In the News  Archive

Editorial: Sprawl, Adirondack style

Times Union - Editorial
January 13, 2015

The Adirondack Park Agency is considering the impact of a housing development proposed for Fulton County.

The APA shouldn't allow a maximum number of lots just because it can.

Yogi Berra's quote, "It's deja vu all over again," comes to mind looking over the development proposed for the Woodworth Lake Boy Scout Camp in northern Fulton County in the Adirondack Park. The housing project would chop up 1,100 acres into lots for 26 luxury homes in much the same way as another project in Tupper Lake.

The Tupper Lake project, the Adirondack Club and Resort, is the largest ever approved by the Adirondack Park Agency — 80 luxury homes scattered across 4,700 acres. Groundbreaking is planned this year.

Both projects fall under the park's most restrictive land classification, resource management. That classification, under the Adirondack Park Agency Act, allows "residential development on substantial acreages or in small clusters on carefully selected and well-designed sites."

The devil falls in the details of exactly what constitutes "substantial acreages" or "small clusters."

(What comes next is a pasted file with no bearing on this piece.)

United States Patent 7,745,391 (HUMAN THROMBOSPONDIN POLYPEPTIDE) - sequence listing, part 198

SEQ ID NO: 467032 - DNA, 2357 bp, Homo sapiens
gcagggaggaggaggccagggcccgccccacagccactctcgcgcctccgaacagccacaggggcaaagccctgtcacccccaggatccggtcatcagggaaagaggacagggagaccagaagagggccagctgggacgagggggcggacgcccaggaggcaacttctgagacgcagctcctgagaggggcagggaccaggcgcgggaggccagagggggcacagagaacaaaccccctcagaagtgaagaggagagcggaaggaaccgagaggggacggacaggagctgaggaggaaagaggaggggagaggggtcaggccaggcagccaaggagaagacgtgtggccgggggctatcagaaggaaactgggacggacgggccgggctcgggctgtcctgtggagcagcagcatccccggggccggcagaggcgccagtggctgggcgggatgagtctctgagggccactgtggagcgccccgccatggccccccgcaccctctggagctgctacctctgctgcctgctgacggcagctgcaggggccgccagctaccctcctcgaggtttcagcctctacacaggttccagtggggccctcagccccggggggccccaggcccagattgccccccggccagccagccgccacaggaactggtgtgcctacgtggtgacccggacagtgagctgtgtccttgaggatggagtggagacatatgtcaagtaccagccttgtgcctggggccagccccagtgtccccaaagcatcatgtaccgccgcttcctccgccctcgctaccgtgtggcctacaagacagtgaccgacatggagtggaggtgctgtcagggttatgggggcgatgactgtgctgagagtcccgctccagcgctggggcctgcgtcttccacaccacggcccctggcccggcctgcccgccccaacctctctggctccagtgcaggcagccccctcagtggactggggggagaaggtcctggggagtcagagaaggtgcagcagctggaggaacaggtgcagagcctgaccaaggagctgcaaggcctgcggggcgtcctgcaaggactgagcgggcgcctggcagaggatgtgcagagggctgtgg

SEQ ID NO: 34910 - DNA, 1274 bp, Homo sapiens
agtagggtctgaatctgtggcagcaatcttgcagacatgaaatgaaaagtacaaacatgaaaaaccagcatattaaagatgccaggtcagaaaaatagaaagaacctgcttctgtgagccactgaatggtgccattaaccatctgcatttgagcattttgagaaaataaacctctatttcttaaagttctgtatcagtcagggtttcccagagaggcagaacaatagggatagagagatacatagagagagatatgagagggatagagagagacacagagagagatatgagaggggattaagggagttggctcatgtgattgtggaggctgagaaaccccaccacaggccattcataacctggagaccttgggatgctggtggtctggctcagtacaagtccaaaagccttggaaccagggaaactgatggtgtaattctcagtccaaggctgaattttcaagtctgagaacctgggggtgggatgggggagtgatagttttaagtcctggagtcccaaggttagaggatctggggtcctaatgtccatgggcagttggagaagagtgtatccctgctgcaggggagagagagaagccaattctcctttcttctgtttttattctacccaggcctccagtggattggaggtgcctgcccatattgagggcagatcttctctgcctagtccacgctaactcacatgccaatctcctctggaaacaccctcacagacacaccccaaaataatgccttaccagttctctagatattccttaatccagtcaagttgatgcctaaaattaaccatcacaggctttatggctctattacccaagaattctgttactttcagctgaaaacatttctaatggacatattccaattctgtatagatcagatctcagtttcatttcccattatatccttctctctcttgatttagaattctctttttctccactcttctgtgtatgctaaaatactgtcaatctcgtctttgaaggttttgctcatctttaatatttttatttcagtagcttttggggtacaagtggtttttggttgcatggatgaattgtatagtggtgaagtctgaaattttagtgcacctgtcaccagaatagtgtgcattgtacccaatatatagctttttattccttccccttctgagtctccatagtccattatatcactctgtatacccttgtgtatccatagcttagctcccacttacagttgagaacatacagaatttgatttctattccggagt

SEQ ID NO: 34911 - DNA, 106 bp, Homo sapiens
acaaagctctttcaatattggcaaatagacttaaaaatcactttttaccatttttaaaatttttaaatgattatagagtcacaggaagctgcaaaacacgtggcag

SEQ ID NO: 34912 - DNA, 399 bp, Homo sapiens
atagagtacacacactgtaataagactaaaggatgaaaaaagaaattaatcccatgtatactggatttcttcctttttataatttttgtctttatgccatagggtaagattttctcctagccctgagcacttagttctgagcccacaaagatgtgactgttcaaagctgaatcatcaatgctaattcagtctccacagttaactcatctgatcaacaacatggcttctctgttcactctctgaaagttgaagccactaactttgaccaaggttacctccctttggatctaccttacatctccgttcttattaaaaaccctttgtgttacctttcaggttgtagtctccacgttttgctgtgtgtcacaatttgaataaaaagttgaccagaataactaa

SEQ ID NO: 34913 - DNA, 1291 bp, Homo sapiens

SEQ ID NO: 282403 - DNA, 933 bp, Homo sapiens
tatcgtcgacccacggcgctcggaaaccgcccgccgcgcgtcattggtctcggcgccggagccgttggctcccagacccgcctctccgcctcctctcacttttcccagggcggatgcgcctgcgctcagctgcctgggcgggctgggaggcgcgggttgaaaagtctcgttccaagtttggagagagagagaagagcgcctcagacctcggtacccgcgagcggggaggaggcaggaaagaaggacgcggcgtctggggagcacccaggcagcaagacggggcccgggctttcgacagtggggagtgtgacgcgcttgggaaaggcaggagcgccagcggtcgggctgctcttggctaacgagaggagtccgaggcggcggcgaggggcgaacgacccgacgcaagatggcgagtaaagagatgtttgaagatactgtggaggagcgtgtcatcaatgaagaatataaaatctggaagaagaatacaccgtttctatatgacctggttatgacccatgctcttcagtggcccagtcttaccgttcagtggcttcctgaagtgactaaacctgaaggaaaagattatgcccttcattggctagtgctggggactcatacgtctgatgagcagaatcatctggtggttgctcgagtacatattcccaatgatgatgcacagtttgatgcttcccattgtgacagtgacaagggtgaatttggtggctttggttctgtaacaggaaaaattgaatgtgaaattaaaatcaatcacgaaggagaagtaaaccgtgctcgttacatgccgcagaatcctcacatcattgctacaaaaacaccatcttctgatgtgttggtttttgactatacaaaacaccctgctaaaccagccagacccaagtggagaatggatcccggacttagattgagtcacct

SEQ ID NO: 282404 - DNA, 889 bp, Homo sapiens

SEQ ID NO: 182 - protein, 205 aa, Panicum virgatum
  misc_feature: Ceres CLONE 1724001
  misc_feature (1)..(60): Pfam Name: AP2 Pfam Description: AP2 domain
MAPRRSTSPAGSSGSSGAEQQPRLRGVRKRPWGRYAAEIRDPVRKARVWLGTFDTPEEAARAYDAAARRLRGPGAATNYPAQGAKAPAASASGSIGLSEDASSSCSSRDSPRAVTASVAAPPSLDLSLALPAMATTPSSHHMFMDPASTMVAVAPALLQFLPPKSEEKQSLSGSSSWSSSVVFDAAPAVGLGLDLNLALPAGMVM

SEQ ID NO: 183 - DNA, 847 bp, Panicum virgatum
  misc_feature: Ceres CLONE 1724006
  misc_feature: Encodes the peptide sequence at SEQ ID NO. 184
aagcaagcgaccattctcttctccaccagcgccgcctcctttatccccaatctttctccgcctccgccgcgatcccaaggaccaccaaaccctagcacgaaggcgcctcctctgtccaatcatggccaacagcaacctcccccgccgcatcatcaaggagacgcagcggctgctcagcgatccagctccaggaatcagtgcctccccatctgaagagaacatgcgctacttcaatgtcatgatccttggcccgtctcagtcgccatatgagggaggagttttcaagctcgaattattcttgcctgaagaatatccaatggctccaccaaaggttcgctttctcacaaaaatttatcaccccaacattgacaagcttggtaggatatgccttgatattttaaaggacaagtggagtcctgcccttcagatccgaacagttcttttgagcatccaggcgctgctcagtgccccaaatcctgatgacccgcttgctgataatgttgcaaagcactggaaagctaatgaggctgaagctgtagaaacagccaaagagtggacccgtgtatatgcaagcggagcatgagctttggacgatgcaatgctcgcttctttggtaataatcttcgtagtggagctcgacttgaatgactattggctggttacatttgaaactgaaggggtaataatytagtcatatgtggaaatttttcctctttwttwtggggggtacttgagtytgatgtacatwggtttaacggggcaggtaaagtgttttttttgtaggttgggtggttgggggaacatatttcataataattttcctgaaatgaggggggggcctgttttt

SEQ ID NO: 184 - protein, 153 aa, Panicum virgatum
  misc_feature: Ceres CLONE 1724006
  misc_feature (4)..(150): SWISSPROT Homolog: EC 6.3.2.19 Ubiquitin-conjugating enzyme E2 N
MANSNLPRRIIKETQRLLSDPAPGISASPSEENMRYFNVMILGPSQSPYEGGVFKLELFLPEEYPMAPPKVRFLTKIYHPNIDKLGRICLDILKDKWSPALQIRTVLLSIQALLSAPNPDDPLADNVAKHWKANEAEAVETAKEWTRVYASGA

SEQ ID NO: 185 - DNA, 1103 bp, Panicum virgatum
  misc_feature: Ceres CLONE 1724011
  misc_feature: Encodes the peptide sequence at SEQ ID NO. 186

With both projects, leading park conservation organizations have argued the developments are too dispersed, allowing too great an impact on the park's resources and wildlife.

Peter Bauer, executive director of Protect the Adirondacks, argues in the Adirondack Almanack that "conservation subdivision design" would be more appropriate because fewer parcels would be "clustered" in one region of a project's overall footprint, leaving vastly more land completely untouched. The APA, Bauer notes, approved such a development more than 10 years ago for 420 acres of resource management land in Horicon. That project clustered 10 lots in one 20-acre corner, leaving the rest alone.

In fact, tighter clustering is recommended for wildlife, especially for projects on previously undeveloped land. A study in the 2003 Journal of the American Planning Association found "clustered development, in contrast to dispersed development, can reduce the impact of exurban residential development on wildlife habitat."

Protect the Adirondacks and a host of other groups have asked that the public comment deadline on the Woodworth Lake project be extended and a hearing be held. That stance is backed by Adirondack Mountain Club; Adirondack Wild: Friends of the Forest Preserve; Protect the Adirondacks; Sierra Club/Atlantic Chapter; and The Adirondack Council.

The Tupper Lake project withstood environmentalists' legal challenges, but that doesn't mean sprawling "great camp" developments are a model of good planning. Given that only 800,000 of the park's 3 million acres of private land fall under this most-precious category of lands available to develop, more time for comment and a hearing are not too much to ask of the agency charged with stewardship of the Adirondacks.

Otherwise, some corners of the Adirondack Park may soon enough bring to New Yorkers' minds another Yogi Berra quote: "Nobody goes there anymore. It's too crowded.''

Link to article.

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